Here, the drive of the compressed-air turbine 23 is realized by compressed air, which is fed by the painting robot over the attachment flange 20, wherein the supply of drive air is not shown here for simplification.

Furthermore, for shaping the spray stream output by the bell-shaped plate 22, a so-called steering air ring 24 is provided, which is arranged in the bell shaped-plate side end surface of a housing 25 of the rotary atomizer 19. In the steering air ring 24 there are several steering air nozzles 26, 27, which are directed in the axial direction and by means of which, during operation of the rotary atomizer 19, a steering air current can be blown outwards onto the conical surface shell of the bell-shaped plate 22. Depending on the amount and velocity of the steering air blown from the steering air nozzles 26, 27, the spray stream is formed and the desired spray width is set.

Here, the supply of steering air for the two steering air nozzles 26, 27 is realized by corresponding flange openings 28, 29, which are arranged in the attachment flange 20 of the rotary atomizer 19. The position of the flange openings 28, 29 within the end surface of the attachment flange 20 is set by the position of the corresponding attachments to the associated attachment flange of the painting robot.

The outer steering air nozzle 26 is supplied by a steering air line 30, which is led along the outside of the compressed-air turbine 23 between the housing 25 and the compressed-air turbine 23. Here, the flange opening 28 first opens into an axial needle hole 31, which then transitions into a radial needle hole 32, with the radial needle hole 32 finally opening at the outside of a valve housing 33 into an intermediate space between the housing 25 and the valve housing 33. The steering air is then fed past the compressed-air turbine 23 into an air space 34. From this location, the steering air is finally led by needle holes 35 into the steering air ring 24 to the steering air nozzle 26.

In contrast, the supply of steering air for the steering air nozzle 27 is realized by a steering air line 36, which starts in the axial direction from the flange opening 29 in the attachment flange 20 and passes through the valve housing 33 without kinks. In addition, the steering air line 36 also goes in the axial direction through a bearing unit 37 of the compressed-air turbine 23. Here, the radial distance of the steering air line 36 from the axis of rotation of the bell-shaped plate 22 is greater than the outer diameter of the turbine wheel not shown for simplification, so that the steering air line 36 runs on the outside of the turbine wheel. The steering air line 36 then opens on the bell shaped-plate side into another air space 38, which is arranged between an essentially cylindrical section 39 of the compressed-air turbine 23 and a cover 40 surrounding this turbine.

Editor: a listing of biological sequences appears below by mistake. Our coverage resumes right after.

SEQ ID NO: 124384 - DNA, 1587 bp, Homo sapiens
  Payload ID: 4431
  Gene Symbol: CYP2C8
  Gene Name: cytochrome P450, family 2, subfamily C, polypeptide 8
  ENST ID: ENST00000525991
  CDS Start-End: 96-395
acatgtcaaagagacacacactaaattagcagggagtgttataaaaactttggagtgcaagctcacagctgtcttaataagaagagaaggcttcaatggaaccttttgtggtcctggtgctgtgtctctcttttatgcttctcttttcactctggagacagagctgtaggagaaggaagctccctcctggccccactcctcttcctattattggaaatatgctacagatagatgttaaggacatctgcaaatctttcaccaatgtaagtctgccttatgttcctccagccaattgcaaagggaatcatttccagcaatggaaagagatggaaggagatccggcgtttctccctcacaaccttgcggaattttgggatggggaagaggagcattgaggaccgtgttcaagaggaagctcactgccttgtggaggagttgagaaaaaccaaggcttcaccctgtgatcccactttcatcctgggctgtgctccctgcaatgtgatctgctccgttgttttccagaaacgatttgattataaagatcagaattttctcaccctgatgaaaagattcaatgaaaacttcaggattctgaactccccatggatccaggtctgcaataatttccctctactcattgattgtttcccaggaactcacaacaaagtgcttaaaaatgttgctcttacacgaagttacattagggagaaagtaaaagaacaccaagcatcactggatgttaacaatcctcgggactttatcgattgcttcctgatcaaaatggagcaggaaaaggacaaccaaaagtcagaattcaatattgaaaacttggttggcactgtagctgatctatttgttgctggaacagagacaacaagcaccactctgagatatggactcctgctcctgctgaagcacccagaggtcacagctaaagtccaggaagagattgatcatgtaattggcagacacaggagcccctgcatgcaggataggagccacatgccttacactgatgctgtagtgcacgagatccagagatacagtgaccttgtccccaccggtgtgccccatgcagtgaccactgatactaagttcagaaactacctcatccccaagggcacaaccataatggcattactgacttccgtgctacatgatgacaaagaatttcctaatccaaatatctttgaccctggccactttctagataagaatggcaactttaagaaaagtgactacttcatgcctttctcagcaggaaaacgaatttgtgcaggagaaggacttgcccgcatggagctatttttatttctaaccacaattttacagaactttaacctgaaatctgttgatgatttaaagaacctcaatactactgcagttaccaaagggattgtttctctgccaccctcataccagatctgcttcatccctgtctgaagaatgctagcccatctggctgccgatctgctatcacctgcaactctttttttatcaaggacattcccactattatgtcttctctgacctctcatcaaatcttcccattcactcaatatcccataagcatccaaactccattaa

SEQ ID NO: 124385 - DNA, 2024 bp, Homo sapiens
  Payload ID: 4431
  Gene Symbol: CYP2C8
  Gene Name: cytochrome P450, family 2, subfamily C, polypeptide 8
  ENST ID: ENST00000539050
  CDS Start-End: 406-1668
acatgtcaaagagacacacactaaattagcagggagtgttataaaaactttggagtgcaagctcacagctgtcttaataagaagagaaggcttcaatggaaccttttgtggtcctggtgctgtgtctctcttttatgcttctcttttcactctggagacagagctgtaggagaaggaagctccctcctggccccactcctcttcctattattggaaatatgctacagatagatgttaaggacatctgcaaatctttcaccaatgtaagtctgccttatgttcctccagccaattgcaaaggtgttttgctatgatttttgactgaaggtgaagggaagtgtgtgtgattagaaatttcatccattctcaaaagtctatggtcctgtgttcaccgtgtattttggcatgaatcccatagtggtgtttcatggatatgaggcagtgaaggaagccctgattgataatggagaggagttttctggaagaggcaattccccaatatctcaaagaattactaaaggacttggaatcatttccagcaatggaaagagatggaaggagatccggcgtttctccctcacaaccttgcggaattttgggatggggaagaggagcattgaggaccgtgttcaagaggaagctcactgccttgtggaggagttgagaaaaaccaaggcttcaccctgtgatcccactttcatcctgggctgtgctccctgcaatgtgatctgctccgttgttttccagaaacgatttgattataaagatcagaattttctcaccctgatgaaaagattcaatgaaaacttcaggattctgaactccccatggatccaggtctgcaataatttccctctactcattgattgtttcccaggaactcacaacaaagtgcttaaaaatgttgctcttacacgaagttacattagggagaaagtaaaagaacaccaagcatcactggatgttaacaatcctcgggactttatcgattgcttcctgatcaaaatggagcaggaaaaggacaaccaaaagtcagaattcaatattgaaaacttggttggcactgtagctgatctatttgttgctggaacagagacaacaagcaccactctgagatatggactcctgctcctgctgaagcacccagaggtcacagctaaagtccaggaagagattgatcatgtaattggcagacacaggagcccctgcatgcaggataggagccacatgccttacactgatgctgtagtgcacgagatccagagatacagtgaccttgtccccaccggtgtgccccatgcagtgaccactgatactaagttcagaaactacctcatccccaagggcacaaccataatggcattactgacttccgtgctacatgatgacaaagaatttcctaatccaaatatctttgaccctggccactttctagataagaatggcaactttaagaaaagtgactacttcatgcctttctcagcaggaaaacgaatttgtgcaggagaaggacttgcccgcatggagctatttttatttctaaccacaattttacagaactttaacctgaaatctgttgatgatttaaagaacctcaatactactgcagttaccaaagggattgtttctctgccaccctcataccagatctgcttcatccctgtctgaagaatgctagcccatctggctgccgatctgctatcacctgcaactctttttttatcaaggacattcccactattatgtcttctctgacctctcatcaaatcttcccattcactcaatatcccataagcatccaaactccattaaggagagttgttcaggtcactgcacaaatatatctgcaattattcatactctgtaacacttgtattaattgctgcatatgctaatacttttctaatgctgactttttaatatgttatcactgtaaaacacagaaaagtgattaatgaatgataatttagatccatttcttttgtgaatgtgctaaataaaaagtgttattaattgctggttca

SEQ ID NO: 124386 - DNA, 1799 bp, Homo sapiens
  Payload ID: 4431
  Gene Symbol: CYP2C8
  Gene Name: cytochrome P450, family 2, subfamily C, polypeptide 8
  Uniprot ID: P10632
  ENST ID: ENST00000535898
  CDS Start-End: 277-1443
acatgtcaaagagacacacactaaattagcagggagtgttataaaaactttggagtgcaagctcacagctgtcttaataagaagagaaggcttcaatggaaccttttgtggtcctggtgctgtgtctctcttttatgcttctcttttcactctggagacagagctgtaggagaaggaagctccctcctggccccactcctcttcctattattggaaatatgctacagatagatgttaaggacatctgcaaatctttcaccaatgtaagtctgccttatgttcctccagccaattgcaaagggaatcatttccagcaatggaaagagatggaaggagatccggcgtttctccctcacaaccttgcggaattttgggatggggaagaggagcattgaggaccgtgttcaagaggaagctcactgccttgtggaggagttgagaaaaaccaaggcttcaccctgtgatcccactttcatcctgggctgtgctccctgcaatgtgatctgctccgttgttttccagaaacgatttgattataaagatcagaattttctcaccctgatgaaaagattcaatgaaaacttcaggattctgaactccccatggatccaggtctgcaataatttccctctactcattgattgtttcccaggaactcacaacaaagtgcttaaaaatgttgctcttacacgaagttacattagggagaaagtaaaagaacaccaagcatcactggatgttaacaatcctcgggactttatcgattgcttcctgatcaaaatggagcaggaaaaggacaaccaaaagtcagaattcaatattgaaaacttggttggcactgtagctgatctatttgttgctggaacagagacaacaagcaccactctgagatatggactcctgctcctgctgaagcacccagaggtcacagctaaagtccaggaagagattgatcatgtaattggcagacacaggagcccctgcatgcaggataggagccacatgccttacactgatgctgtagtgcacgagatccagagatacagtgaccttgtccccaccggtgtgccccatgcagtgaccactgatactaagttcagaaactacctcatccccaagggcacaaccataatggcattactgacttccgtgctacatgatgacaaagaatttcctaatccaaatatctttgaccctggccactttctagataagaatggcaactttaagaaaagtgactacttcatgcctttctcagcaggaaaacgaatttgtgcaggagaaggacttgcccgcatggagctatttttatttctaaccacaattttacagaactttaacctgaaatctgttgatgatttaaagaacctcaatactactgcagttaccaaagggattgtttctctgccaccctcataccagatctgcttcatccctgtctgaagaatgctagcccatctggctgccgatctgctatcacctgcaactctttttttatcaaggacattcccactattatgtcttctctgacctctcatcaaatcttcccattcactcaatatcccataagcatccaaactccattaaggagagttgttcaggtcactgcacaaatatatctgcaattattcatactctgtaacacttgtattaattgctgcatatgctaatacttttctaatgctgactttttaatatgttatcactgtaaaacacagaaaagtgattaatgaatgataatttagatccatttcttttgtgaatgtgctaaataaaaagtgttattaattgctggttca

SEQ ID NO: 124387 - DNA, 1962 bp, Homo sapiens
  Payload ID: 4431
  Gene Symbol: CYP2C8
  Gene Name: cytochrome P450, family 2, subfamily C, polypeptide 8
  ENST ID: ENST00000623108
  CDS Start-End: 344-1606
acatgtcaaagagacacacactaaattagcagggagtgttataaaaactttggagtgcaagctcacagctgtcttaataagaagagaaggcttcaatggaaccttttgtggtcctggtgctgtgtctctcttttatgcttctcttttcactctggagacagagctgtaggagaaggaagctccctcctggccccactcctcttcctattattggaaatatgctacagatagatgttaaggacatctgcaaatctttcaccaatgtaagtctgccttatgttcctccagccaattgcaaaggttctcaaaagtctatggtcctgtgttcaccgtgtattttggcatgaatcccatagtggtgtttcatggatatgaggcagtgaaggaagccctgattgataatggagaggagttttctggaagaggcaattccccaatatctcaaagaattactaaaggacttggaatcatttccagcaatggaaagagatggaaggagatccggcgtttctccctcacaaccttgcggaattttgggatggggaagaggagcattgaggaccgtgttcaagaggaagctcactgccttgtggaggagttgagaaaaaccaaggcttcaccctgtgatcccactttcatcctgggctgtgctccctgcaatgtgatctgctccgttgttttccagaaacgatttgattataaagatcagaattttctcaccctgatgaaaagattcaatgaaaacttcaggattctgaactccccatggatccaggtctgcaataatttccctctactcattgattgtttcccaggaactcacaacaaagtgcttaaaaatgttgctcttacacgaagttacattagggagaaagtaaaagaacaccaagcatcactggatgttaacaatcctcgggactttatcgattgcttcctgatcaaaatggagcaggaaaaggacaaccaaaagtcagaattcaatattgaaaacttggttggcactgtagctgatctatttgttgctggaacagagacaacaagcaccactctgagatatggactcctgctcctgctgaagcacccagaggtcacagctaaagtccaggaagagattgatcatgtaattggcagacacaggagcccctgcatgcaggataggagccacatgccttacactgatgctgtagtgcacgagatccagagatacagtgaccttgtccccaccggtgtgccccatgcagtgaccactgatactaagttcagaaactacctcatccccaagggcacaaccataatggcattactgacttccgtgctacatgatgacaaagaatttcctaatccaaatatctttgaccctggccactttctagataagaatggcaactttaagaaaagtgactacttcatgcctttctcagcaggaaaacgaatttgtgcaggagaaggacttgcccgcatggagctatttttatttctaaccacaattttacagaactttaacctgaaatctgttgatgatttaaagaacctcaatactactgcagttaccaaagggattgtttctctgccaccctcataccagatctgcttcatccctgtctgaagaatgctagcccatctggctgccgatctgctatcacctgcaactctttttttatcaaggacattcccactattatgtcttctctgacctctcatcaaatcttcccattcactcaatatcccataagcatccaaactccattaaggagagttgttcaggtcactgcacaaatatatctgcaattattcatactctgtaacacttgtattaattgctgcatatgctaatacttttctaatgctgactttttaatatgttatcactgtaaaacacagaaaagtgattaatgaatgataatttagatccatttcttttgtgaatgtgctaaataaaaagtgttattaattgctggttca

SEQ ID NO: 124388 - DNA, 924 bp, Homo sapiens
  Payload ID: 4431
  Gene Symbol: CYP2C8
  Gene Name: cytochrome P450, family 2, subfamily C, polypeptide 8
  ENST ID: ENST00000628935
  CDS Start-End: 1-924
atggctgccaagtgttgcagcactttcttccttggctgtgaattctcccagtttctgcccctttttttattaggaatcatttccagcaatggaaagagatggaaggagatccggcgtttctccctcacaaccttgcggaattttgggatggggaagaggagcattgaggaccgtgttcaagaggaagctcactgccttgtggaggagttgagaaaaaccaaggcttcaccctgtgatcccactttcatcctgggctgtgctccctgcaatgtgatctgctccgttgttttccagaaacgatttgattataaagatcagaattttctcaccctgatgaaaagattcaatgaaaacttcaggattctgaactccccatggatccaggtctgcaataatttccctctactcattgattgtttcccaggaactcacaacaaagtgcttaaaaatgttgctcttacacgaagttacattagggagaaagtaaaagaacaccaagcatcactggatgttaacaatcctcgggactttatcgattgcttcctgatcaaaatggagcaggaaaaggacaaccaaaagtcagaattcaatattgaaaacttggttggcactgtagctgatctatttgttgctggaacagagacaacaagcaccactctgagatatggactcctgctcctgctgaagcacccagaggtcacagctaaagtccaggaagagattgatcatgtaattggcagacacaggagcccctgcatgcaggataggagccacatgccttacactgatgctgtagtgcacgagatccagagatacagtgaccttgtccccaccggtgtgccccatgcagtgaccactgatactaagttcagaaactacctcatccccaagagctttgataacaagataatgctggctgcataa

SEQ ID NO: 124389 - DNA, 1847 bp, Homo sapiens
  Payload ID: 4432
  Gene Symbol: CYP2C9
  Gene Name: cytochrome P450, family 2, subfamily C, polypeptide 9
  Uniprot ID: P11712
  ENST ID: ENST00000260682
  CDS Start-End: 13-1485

In the surface shell of the section 39, several holes 41 are located, which open in the bell shaped-plate end surface of the compressed-air turbine 23 and finally supply the steering air nozzles 27. The holes 41 in the section 39 of the compressed-air turbine 23 consist of a needle hole running in the radial direction starting from the surface shell of the section 39 and a needle hole running in the axial direction starting from the bell shaped plate-side end surface of the section 39, which enables simple assembly.

Here, a pressure sensor 42 with an integrated radio transmitter opens in the steering air line 36 near the attachment flange 20, wherein the pressure sensor 42 measures the steering air pressure and transmits a corresponding radio signal by the radio transmitter.

This radio signal is received by a receiver 43 by means of an antenna 44 and is forwarded to an evaluation unit, wherein the evaluation unit is not shown for simplification.

The invention is not limited to the previously described preferred embodiments. Instead, a plurality of variants and modifications are conceivable, which also use the concept of the invention and therefore fall within the scope of protection.

The invention has been described in an illustrative manner, and it is to be understood that the terminology which has been used is intended to be in the nature of words of description rather than limitation.

Obviously, many modifications and variations of the present invention are possible in light of the above teachings it is, therefore, to be understood that within the scope of the appended claims, wherein reference numerals are merely for convenience and not to be in any way limiting, the invention may be practiced otherwise than as specifically described.

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Referenced by
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US8485125Sep 26, 2007Jul 16, 2013Dürr Systems GmbHElectrostatic spraying arrangement
Classifications
U.S. Classification250/231.13, 118/712
International ClassificationB05C11/00, G01D5/34, G01P3/36, G08C17/02
Cooperative ClassificationB05B12/004, B05B5/0422, B05B12/006
European ClassificationB05B5/04E, B05B12/00S, B05B12/00S3
Legal Events
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Mar 23, 2012FPAYFee payment
Year of fee payment: 4